In addition to T. penetrans, the genus Tunga includes over a dozen species, which infect various specific mammals in South America.[2][4]

In Lingala-speaking areas liyanzi (singular) or mayanzi (plural)
In Kiswahili funza
In Brazil bicho-de-pé (foot bug)
In Spanish pique (due to the itching and burning sensation it produces)
in Central America, Peru, Colombia and Ecuador nigua
In Luganda nvunza
In Guarani
In Kinyarwanda and Kirundi ivunja or imvunja (singular) or amavunja (plural)
In Madagascar Parasy

See also[edit]

External links[edit]

  • World Health Organization, a WHO bulletin containing the article, "Epidermal parasitic skin diseases: a neglected category of poverty-associated plagues."
  • Ahadi Kenya Trust is a non-governmental organization founded in 2007 whose major activity is to eradicate jiggers.
  • Kingdom Driven Ministries, a US-based missionary organization with specific emphasis on East Africa, coordinates several medical initiatives, including jigger treatment.
  • Rise Up Society, a registered charitable organization in Kenya, works to improve the plight of the poor in rural communities through its economic and health initiatives. Its jigger eradication program, Kill the Jigger, treats patients, fumigates living quarters, provides shoes, and educates local leaders.
  • Sole Hope, registered in the United States as a 501(c)(3) charity, aims to prevent jiggers (and other diseases that enter through the foot) throughout Uganda. In addition to providing shoes to individuals, Sole Hope also trains local men and women to make shoes, thus providing them with a useful trade through which they can earn income.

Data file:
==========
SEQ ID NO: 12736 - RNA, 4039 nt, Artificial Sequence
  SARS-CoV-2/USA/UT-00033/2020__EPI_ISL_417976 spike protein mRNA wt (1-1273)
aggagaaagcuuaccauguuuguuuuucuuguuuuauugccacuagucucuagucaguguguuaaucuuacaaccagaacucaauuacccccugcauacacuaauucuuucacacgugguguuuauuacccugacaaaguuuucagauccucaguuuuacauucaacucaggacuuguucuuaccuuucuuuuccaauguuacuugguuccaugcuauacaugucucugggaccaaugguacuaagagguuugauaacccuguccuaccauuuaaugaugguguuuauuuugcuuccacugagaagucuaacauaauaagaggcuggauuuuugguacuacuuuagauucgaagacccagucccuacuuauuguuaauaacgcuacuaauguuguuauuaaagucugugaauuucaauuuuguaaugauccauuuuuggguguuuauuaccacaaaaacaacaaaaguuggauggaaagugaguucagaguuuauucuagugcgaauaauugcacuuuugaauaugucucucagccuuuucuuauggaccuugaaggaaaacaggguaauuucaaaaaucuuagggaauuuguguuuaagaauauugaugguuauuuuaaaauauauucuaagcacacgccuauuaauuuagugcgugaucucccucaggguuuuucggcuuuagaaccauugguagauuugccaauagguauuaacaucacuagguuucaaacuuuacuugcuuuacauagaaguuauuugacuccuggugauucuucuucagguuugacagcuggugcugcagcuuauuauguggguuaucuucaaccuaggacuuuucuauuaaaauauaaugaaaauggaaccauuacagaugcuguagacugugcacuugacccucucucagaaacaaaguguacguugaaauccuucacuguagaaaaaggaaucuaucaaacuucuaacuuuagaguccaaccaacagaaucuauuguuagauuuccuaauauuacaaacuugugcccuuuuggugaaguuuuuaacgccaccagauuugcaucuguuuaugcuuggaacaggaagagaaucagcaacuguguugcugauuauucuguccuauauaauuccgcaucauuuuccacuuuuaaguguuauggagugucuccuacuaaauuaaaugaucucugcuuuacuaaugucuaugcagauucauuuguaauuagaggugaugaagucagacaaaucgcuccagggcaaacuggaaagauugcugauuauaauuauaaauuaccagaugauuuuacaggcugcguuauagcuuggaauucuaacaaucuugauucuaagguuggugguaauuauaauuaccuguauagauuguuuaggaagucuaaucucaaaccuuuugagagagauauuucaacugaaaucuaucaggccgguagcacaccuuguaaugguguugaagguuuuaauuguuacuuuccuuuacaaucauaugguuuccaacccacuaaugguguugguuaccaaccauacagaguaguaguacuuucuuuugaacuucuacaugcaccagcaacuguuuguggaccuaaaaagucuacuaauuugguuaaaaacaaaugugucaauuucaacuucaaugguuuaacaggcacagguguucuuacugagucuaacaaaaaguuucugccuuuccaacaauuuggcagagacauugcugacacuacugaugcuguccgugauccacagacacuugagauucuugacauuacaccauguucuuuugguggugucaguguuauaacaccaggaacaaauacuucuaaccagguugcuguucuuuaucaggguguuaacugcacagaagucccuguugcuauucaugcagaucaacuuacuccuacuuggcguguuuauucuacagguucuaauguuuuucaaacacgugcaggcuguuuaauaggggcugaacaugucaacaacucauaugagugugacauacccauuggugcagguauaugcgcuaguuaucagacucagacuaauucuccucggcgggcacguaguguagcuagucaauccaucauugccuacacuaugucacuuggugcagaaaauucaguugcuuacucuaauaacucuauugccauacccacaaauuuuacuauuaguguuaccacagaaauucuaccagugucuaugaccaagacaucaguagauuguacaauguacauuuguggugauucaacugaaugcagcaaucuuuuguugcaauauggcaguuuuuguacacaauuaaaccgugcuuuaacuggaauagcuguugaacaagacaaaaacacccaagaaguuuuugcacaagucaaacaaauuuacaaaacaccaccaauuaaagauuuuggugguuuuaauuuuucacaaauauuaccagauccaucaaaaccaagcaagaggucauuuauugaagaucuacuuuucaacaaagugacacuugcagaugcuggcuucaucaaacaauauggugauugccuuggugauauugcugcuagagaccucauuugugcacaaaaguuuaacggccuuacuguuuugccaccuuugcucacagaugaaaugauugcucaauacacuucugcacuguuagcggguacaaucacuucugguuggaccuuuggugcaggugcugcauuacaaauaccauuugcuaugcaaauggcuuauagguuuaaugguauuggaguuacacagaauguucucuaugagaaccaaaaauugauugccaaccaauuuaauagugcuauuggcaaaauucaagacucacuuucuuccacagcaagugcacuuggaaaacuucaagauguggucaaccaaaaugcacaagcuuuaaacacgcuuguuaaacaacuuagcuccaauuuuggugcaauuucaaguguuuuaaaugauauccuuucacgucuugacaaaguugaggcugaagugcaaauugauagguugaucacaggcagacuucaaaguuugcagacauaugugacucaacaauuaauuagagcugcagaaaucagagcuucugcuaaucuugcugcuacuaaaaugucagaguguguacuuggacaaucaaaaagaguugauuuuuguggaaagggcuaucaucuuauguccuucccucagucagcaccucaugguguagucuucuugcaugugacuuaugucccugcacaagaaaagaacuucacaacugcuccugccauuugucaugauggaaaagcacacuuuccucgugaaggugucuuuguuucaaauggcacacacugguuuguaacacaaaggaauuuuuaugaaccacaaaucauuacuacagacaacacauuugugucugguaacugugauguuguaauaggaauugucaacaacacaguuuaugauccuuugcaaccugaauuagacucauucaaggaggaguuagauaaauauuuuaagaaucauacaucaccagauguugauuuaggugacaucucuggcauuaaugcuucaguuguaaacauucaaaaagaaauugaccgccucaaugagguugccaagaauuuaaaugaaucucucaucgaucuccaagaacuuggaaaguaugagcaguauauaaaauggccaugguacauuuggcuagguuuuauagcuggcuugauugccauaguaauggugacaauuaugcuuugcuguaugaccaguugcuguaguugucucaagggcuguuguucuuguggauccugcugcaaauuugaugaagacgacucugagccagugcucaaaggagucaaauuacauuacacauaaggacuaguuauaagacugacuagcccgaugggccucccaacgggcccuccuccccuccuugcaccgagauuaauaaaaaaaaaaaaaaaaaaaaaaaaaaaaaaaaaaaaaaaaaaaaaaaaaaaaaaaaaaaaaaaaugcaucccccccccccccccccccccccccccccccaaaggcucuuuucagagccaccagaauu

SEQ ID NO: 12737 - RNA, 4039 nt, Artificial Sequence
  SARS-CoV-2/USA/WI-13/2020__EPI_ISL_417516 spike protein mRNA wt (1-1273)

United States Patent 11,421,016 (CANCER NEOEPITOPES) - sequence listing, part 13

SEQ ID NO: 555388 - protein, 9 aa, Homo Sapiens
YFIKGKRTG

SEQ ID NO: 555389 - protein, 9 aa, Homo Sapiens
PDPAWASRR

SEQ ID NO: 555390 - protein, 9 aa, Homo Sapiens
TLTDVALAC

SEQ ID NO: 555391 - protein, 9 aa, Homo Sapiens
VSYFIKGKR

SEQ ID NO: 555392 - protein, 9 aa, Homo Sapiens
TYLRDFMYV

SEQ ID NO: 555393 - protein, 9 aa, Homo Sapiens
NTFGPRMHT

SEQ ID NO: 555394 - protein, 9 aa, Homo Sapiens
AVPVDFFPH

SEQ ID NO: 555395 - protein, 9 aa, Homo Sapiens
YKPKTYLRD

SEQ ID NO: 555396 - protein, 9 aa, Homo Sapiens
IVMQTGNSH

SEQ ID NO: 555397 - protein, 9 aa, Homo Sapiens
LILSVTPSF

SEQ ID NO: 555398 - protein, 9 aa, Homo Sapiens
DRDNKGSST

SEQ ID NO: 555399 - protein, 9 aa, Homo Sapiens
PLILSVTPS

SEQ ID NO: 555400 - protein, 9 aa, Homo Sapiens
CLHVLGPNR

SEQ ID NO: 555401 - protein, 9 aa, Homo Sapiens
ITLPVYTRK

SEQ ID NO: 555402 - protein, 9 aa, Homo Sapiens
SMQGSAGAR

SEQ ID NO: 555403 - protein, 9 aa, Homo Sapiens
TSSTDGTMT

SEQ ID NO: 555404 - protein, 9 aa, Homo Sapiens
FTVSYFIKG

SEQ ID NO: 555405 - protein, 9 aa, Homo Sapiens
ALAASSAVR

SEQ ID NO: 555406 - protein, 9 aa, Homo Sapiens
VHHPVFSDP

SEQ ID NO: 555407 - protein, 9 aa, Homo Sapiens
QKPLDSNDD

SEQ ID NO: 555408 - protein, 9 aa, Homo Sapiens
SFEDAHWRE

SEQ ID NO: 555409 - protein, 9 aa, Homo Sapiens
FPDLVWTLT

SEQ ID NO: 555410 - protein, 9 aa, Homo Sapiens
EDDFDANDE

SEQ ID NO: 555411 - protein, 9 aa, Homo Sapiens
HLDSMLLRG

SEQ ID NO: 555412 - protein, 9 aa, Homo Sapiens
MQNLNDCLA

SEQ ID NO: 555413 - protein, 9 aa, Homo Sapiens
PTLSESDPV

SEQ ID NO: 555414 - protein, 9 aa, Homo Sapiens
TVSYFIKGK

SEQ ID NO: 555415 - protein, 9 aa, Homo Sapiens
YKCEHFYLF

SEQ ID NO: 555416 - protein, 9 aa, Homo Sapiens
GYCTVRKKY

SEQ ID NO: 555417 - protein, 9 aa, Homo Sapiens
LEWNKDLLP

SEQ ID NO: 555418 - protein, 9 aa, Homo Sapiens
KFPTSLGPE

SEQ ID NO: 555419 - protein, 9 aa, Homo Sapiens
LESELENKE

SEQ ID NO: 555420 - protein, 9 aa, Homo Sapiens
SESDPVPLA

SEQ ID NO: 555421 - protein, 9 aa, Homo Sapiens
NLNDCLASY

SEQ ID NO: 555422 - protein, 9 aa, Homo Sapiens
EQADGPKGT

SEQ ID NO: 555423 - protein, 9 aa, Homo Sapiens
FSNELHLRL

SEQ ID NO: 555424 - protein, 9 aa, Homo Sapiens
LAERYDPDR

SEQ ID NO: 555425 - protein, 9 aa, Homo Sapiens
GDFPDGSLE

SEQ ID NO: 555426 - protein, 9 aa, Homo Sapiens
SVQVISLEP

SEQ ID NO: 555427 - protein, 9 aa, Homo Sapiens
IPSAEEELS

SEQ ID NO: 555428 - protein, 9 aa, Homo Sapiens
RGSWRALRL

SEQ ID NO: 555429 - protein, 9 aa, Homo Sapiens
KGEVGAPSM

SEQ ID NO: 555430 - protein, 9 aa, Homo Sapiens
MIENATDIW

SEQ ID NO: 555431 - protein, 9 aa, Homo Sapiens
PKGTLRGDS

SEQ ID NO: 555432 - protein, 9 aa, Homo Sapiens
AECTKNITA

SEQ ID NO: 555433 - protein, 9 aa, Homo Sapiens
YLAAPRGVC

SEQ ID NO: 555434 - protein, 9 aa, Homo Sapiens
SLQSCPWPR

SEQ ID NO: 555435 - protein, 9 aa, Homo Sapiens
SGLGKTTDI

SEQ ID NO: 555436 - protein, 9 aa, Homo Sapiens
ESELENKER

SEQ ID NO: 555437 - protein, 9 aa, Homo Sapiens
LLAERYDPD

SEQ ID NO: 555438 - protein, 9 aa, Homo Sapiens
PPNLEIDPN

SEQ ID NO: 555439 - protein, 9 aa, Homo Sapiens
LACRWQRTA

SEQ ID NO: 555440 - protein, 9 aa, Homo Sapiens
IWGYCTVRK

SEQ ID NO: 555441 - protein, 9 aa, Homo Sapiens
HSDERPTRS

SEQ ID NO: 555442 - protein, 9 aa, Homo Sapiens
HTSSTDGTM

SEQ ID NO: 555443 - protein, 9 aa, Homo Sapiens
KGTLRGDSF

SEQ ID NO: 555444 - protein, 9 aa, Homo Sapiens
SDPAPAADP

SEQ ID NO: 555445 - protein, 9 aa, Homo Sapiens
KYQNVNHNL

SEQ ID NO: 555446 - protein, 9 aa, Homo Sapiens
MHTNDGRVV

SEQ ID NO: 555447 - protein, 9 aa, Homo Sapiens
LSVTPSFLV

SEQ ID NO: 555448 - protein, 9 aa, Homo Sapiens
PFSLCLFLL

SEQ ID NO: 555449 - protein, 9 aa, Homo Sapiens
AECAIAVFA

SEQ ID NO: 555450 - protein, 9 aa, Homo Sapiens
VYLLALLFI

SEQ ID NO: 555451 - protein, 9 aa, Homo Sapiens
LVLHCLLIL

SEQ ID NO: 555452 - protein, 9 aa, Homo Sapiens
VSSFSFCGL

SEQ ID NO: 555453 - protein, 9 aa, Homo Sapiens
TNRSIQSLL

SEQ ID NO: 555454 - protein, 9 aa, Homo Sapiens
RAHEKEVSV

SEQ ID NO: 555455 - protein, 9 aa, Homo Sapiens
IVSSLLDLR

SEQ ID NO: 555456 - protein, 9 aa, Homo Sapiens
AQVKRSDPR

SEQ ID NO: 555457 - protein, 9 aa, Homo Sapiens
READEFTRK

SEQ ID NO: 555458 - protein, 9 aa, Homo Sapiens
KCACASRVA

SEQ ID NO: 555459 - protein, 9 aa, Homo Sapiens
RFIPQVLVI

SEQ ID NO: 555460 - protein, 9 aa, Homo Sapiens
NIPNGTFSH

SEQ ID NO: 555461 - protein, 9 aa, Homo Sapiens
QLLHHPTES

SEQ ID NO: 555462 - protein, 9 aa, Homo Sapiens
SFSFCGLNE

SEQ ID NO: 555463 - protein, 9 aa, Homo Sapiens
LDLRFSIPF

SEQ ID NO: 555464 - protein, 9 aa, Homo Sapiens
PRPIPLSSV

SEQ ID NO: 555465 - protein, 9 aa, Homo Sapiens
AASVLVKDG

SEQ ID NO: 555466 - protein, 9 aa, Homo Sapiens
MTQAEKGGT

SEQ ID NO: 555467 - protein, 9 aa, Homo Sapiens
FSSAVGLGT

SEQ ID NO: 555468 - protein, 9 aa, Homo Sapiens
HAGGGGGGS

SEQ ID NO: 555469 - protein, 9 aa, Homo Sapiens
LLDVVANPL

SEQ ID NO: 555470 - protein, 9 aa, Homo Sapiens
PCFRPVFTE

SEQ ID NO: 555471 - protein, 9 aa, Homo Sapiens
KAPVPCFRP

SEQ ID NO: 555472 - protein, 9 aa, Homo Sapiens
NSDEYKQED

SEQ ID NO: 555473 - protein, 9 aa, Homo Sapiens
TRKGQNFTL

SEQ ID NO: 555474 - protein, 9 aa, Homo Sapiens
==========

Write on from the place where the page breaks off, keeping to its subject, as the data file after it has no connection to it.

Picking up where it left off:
• Whisper, a registered charity in England and Wales, runs a jigger treatment and education program[5] in Uganda, as a part of their broader mission to benefit children in the region.


  1. ^ a b c d Cestari TF, Pessato S, Ramos-e-Silva M Tungiasis and myiasis. Clin Dermatol. 2007 Mar-Apr;25(2):158-64.
  2. ^ a b Beaucournu, J.-C.; Degeilh, B.; Mergey, T.; Muñoz-Leal, S.; González-Acuña, D. (2012). "Le genre Tunga Jarocki, 1838 (Siphonaptera: Tungidae). I – Taxonomie, phylogénie, écologie, rôle pathogène". Parasite 19 (4): 297–308. doi:10.1051/parasite/2012194297. ISSN 1252-607X.  open access publication - free to read
  3. ^ Muehlstaedt M Periungual Tungiasis (2008) Images in clinical medicine. N Engl J Med 359(24):e30.
  4. ^ Linardi, Pedro Marcos; Beaucournu, Jean-Claude; de Avelar, Daniel Moreira; Belaz, Sorya (2014). "Notes on the genus Tunga (Siphonaptera: Tungidae) II – neosomes, morphology, classification, and other taxonomic notes". Parasite 21: 68. doi:10.1051/parasite/2014067. ISSN 1776-1042. PMID 25514594.  open access publication - free to read
  5. ^ Kara, Shamilla (25 Apr 2013). "Whisper resuscitates hope for children in jigger-infested communities". New Vision. Retrieved 22 February 2015.